Founded in 2017, Ubenwa is a software-as-a-service company that provides the technologies—mobile app and API— that enable the medical interpretation of infants’ cries, using artificial intelligence and machine learning algorithms to extrapolate patterns and insights. The startup is a spinoff of five years of research at Mila, a world-renowned AI hub in Quebec, Canada.

Onu, on a call with TechCabal, asserted that at Ubenwa’s core is a determination to detect diseases in infants early enough to preserve their lives. 

“We want to focus on this objective of early detection. If we can detect conditions early, then we can prevent long-term diseases. We can also prevent the high rate of infant mortality that exists today.” 

“Our first set of products is an app and an API that allows parents and physicians to use Ubenwa via their smartphones or video devices like baby monitors. With these, they can connect with our technology to carry out early screening for neurological problems,” he said.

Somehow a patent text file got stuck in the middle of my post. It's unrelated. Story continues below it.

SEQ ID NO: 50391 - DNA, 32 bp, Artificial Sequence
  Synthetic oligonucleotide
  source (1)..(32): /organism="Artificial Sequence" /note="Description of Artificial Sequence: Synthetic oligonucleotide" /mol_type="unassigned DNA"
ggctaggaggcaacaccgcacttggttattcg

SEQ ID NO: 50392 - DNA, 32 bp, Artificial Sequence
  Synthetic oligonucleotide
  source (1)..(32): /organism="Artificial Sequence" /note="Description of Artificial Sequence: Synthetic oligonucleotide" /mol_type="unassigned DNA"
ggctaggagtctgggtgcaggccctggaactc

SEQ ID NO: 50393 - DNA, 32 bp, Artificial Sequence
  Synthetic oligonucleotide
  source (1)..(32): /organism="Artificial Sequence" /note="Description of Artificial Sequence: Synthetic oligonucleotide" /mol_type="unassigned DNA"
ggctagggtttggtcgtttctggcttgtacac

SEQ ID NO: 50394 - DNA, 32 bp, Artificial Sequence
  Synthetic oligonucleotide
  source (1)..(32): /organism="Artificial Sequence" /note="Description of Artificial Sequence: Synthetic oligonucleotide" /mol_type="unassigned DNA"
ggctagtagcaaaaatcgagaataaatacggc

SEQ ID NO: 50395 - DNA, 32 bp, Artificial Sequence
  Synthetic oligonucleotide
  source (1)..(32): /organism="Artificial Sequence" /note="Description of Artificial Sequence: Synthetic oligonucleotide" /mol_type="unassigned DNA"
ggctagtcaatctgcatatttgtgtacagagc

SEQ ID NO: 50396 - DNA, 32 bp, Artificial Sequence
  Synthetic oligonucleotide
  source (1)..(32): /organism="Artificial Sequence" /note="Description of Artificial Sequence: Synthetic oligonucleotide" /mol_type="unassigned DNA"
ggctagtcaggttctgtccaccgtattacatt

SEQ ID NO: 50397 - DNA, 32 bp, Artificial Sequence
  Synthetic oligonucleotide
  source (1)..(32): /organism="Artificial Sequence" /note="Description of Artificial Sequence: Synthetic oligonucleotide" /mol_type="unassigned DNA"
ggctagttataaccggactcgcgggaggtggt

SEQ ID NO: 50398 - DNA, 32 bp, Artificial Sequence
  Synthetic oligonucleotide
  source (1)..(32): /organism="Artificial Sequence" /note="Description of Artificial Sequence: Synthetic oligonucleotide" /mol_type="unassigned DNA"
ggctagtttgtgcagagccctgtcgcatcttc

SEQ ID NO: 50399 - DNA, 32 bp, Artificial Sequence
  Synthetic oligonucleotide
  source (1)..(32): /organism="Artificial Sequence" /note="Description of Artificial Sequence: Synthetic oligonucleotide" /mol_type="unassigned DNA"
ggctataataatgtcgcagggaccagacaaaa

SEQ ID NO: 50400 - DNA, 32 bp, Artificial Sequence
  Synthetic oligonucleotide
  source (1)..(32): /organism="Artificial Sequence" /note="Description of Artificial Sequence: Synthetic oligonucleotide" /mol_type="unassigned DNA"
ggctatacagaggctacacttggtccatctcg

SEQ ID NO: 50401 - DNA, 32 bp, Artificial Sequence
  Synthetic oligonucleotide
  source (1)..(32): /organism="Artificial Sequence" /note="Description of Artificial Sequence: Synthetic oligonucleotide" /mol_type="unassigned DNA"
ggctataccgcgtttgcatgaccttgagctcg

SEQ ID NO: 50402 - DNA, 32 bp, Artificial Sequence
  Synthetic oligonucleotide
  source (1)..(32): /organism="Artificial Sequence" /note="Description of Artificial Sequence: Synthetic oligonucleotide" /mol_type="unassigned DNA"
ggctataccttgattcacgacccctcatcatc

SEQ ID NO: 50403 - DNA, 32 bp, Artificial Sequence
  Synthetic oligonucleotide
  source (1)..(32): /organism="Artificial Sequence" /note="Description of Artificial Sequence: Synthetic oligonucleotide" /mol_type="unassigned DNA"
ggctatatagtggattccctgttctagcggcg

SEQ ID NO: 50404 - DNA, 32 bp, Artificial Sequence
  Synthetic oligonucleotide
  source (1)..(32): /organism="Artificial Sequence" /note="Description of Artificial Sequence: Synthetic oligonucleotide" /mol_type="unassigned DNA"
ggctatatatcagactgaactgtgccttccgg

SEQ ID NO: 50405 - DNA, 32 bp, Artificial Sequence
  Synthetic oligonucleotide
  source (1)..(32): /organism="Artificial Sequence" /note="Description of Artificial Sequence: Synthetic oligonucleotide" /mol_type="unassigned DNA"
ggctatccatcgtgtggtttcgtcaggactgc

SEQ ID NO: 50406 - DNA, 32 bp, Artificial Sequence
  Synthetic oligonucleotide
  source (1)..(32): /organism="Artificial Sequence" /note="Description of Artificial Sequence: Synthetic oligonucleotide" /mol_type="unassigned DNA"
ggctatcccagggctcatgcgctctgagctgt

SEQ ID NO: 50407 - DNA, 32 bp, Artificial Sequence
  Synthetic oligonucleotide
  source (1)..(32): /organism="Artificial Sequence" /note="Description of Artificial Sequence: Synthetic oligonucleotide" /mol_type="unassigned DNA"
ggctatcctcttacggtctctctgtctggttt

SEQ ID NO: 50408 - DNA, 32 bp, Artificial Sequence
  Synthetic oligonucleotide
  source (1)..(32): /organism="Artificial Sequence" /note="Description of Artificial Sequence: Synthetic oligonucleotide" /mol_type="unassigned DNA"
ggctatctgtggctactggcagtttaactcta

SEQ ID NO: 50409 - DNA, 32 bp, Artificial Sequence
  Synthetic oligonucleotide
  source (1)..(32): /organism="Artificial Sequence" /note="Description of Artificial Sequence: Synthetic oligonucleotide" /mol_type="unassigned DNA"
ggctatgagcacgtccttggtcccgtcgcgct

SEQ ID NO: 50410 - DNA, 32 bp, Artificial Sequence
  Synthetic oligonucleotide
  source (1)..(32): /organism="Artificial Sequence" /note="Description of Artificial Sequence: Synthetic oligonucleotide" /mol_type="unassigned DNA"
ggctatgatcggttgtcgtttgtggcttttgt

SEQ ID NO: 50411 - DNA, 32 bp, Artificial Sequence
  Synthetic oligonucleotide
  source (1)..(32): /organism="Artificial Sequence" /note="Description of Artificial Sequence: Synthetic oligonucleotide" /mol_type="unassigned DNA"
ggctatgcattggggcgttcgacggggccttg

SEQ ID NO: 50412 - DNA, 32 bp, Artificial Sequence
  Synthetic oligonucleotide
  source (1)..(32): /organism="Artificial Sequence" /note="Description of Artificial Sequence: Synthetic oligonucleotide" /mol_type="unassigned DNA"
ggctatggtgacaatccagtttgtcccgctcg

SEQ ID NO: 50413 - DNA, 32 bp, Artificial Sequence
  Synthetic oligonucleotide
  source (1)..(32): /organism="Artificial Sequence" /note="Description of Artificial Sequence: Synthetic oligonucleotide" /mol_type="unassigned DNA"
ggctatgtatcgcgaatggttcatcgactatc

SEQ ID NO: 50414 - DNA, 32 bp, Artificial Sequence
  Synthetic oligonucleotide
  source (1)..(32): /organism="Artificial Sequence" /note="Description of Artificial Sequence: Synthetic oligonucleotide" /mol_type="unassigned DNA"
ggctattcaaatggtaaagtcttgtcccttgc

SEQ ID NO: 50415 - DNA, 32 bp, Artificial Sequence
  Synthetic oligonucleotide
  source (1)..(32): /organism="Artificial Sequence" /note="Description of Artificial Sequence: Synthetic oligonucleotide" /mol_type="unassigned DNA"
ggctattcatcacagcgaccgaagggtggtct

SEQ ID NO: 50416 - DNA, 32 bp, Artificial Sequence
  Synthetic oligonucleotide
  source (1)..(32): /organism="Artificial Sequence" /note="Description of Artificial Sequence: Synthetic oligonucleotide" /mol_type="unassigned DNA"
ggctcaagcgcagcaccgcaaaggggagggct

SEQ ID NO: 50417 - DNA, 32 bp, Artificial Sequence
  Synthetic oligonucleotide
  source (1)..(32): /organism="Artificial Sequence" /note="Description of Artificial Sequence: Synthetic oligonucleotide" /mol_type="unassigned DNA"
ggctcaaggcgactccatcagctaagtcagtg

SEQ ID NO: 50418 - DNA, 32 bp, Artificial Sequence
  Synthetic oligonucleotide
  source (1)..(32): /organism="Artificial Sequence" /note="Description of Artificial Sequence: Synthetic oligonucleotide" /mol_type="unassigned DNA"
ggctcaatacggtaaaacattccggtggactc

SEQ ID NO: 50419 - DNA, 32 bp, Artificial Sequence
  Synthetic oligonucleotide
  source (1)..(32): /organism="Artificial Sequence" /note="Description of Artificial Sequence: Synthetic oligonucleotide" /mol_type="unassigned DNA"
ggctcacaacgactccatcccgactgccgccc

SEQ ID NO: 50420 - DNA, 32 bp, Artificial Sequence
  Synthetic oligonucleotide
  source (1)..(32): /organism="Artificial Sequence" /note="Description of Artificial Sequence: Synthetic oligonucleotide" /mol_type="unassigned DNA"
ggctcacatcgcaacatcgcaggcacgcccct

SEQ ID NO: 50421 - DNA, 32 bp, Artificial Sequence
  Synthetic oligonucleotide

Ubenwa’s founding team comprises Onu, an audio machine learning scientist and AI specialist who doubles as founder and AI lead; Samantha Latremouille, an award-winning scientist in experimental medicine who works as the clinical development lead; and Innocent Udeogu, the software engineering lead with over 10 years of startup experience. The trio are building on work previously done in the field since the 1970s when researchers found that unusual cry patterns of infants were indicative of health issues. 

“When we started Ubenwa, one of the things we did was to start to speak with one of those early clinicians. One of them, now an elderly guy, told us how they couldn’t save the cries because they didn’t have enough data storage systems. They would record the sound, extract the features, and lose the sample. But since research and experimentation are iterative processes, they couldn’t go back to the data to extract new features and analyse them.”